You are required to perform your contractual obligations, otherwise you will have breached the contract. If you breach a contract, the other party to the contract may bring a claim against you for any loss they experienced as a result of the breach. However, there are some circumstances where you are not required to perform your obligations under the contract.
Many contracts include a “force majeure” clause (aka “acts of God” clause) that excuses the parties where extraordinary events prevent them from carrying out some or all of the contract. If your contract has a force majeure clause, it will define what constitutes a force majeure event. It may or may not refer to epidemics and diseases; if not, check whether it includes a catch-all phrase like “any other event or occurrence beyond the reasonable control of the applicable party”.
The party trying to rely on a force majeure clause should be able to demonstrate that (1) a force majeure event has occurred (check the wording of the contract); and (2) the force majeure event actually caused the non-performance (or delay) of the contract.
Significantly higher costs are not typically enough to constitute a force majeure event. Suppose that your main supplier operates in Wuhan, China (the origin place of COVID-19 which was subsequently locked-down by the Chinese government). Your supplier should be able to rely on the force majeure clause in their contract to supply you with goods, but if there are alternate sources for you to obtain the same goods you may not be able to rely on any force majeure clause in the contracts you have with your customers.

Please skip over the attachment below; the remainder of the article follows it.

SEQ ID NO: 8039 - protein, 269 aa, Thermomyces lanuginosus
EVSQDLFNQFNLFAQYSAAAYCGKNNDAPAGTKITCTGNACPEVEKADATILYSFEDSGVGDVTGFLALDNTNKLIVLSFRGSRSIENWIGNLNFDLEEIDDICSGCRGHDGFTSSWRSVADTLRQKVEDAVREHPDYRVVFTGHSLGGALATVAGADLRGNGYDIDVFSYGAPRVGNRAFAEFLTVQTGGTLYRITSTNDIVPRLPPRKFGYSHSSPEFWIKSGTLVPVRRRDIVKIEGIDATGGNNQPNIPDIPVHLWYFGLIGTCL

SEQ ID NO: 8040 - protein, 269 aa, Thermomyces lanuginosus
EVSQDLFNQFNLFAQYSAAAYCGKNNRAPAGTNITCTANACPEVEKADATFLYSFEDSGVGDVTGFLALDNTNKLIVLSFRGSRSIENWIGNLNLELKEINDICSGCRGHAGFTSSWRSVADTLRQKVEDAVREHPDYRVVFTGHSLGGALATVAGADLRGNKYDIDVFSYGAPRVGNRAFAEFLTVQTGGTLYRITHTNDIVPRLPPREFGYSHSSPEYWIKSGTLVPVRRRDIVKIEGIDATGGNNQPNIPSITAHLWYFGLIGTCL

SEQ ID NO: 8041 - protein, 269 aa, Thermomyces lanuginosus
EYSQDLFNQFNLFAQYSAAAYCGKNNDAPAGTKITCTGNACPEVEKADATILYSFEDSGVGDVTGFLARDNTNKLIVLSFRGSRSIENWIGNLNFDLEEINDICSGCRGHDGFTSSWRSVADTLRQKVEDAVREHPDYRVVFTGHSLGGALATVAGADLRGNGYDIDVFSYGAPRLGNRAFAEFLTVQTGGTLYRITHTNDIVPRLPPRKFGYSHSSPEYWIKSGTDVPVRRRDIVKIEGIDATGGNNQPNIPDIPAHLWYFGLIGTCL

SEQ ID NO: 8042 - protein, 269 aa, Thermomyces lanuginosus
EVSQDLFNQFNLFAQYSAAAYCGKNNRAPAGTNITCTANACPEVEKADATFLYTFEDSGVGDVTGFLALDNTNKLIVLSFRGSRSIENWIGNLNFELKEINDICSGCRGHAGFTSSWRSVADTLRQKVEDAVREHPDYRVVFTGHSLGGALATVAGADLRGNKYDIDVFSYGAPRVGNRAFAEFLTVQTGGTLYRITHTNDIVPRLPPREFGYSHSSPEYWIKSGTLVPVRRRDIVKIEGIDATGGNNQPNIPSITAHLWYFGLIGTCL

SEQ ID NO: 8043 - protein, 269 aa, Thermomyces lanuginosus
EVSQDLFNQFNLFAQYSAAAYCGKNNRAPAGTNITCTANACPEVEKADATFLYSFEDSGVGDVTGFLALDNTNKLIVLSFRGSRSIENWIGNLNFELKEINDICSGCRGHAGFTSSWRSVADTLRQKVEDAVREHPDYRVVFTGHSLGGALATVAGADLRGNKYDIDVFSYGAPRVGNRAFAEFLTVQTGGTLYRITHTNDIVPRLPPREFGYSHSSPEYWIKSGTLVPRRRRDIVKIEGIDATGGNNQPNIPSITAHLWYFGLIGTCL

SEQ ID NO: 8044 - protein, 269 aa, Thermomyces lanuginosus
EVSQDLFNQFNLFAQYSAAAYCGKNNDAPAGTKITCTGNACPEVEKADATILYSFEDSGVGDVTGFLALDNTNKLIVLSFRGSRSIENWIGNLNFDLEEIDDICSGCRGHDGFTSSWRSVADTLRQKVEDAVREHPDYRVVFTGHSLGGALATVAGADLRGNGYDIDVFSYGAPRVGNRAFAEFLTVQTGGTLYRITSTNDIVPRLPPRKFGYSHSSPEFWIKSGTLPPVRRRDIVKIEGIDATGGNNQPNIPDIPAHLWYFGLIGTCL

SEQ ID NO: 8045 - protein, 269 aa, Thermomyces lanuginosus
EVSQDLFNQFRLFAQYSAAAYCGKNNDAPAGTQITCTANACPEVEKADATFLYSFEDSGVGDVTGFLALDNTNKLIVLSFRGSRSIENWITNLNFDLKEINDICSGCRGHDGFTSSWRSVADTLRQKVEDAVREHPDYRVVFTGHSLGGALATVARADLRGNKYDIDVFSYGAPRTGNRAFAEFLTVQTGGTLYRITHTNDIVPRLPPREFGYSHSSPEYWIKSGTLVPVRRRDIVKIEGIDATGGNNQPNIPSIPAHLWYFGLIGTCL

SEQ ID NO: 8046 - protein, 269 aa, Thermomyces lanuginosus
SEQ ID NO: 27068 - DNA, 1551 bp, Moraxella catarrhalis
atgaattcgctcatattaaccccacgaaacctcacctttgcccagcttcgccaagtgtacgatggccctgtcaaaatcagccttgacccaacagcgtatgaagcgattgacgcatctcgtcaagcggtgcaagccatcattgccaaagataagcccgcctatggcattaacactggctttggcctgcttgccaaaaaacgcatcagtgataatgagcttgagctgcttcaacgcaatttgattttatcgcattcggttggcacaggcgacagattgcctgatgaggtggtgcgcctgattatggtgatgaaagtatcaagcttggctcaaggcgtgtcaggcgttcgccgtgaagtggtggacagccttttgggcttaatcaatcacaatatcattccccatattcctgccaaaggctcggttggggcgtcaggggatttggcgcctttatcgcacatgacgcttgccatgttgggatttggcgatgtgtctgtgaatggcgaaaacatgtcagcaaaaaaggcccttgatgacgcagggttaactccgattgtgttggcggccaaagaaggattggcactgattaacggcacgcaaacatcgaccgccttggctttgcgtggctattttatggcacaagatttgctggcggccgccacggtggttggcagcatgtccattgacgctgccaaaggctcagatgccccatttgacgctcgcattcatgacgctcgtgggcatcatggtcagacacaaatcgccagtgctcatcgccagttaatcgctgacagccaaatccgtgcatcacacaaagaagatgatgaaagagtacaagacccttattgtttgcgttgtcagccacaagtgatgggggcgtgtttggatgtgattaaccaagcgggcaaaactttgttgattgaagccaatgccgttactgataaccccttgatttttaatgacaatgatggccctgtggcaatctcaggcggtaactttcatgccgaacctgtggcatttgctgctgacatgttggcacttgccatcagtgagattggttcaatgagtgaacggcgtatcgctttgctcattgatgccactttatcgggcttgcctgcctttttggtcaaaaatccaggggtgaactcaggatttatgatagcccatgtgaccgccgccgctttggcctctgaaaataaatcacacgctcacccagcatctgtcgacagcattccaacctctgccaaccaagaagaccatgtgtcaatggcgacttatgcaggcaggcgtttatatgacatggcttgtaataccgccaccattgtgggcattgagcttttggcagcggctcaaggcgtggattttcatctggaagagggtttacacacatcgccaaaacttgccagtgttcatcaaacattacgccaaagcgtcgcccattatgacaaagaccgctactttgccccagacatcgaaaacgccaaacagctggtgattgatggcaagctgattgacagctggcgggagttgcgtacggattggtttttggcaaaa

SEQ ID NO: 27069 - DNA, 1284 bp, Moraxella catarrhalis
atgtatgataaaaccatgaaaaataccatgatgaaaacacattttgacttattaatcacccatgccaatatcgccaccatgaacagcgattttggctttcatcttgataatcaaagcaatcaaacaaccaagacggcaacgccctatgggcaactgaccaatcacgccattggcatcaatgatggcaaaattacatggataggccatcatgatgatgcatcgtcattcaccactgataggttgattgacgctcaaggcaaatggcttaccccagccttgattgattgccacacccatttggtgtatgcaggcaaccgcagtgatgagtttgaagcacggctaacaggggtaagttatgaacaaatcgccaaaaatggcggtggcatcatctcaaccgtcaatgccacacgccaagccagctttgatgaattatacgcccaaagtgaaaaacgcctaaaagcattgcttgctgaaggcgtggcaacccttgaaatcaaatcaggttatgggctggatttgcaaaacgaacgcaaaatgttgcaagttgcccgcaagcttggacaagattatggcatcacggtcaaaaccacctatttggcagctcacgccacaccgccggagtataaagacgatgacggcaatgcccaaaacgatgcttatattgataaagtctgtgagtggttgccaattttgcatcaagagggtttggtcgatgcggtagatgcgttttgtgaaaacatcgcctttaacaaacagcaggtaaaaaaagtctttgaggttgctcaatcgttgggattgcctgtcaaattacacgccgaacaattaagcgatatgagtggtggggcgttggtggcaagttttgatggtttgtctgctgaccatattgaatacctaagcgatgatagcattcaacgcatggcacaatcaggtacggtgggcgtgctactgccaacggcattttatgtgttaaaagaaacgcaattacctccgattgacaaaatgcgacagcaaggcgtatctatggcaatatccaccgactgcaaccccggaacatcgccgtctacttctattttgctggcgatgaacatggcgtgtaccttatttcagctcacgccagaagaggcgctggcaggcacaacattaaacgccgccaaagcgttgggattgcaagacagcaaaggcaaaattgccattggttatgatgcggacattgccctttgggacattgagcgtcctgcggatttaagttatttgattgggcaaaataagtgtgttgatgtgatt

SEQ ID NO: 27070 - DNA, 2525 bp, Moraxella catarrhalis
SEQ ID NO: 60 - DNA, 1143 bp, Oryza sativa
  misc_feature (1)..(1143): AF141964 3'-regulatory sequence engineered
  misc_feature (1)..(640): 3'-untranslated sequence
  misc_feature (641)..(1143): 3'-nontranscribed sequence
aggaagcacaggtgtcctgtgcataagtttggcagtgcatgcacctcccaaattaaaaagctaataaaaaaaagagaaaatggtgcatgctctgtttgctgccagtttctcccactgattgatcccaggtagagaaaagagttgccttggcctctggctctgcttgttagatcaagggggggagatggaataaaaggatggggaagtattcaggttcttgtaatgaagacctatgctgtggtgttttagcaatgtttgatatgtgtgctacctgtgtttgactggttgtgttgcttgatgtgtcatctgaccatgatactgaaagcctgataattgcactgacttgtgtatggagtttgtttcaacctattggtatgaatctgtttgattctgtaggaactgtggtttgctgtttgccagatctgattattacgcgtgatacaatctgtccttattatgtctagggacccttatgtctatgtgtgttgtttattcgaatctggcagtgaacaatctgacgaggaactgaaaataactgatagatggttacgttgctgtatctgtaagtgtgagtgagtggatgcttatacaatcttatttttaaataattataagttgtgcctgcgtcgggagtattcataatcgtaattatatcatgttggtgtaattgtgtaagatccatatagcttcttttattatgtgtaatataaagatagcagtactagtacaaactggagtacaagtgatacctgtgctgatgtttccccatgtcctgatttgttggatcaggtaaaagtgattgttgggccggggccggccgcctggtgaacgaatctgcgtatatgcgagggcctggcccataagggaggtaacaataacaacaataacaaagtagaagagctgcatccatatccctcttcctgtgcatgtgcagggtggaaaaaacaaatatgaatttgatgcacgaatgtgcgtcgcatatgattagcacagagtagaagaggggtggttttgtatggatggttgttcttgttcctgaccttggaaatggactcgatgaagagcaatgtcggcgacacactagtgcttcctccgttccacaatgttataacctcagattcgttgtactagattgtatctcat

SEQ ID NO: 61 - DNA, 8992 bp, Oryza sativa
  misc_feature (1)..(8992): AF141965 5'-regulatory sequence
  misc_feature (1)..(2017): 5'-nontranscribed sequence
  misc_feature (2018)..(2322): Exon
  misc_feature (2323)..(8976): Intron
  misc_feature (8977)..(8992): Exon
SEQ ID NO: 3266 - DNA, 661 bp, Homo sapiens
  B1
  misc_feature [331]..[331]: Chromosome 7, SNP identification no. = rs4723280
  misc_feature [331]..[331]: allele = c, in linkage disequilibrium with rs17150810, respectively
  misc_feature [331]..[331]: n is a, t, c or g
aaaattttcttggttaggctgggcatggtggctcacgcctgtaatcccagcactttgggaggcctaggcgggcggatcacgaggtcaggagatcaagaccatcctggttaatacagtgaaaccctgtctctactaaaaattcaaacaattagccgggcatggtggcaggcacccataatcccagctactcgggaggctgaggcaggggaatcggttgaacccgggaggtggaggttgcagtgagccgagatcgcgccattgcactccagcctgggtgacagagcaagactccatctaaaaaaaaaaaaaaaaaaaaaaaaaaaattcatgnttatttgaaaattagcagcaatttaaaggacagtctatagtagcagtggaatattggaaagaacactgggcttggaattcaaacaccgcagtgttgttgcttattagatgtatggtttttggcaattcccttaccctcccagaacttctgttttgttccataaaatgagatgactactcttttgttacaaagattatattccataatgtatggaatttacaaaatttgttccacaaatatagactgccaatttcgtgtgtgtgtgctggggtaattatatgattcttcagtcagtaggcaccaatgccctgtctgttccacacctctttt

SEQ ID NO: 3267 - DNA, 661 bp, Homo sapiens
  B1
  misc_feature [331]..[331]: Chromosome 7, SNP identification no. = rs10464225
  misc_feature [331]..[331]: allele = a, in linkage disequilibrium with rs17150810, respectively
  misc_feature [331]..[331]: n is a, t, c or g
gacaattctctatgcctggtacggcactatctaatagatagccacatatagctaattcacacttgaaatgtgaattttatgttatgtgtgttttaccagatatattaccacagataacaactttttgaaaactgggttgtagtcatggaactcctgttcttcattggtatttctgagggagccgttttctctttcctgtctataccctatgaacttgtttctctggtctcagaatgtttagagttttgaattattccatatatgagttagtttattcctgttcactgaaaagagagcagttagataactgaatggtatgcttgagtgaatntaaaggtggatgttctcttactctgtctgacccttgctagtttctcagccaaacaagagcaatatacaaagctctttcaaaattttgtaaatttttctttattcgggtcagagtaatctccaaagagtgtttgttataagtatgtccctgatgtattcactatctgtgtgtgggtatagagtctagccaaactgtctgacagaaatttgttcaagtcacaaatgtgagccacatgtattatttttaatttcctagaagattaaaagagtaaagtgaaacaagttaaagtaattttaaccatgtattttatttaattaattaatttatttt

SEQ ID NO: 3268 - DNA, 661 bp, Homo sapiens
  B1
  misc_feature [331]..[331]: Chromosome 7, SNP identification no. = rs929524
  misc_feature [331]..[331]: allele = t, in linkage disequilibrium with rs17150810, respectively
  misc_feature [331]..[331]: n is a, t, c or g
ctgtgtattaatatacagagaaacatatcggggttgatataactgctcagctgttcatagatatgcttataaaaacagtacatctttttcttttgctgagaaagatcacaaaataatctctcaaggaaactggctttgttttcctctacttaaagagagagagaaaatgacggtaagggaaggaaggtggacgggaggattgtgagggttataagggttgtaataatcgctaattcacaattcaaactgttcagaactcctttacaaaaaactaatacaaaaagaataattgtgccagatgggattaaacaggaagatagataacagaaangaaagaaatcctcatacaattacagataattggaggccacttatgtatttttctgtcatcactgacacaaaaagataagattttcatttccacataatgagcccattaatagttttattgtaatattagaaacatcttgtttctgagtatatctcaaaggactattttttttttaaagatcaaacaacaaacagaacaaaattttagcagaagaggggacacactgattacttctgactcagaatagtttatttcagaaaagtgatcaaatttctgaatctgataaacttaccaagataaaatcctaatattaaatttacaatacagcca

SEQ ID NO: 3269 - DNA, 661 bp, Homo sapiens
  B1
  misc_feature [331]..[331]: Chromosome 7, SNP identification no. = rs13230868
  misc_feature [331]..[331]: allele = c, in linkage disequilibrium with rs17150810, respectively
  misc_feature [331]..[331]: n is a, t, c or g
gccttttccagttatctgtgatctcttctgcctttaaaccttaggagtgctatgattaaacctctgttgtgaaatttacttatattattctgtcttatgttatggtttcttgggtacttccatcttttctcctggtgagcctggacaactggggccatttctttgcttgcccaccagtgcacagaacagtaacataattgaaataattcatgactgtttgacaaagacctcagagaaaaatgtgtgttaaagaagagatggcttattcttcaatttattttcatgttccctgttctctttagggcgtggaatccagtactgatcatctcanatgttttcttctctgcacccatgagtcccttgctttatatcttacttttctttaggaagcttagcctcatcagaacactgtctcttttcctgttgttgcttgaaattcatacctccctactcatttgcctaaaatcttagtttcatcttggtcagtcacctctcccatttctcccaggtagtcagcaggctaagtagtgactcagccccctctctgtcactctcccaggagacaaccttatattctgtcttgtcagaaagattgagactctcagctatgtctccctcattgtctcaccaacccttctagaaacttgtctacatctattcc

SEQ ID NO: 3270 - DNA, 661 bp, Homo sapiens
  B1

International contracts should also state the law governing the contract. This is very important, as the law regarding force majeure varies greatly from country to country.
If the contract in question does not contain a force majeure clause, you might still be able to rely on the legal doctrine of frustration. In general terms, it applies when (1) there is an unforseeable supervening event that occurs through no fault of either party; (2) the situation is not addressed by a force majeure clause or other provision in the contract; and (3) the event renders performance of the contract impossible or has undermined the purposes for which the parties entered the contract.
Like a force majeure situation, the party alleging frustration needs to demonstrate that the above conditions are met. In determining whether a contract has been frustrated, the court will consider what is reasonable in the circumstances and whether requiring performance would fundamentally change the agreement. In most cases, it will be difficult to establish that COVID-19 has resulted in a force majeure event or frustration.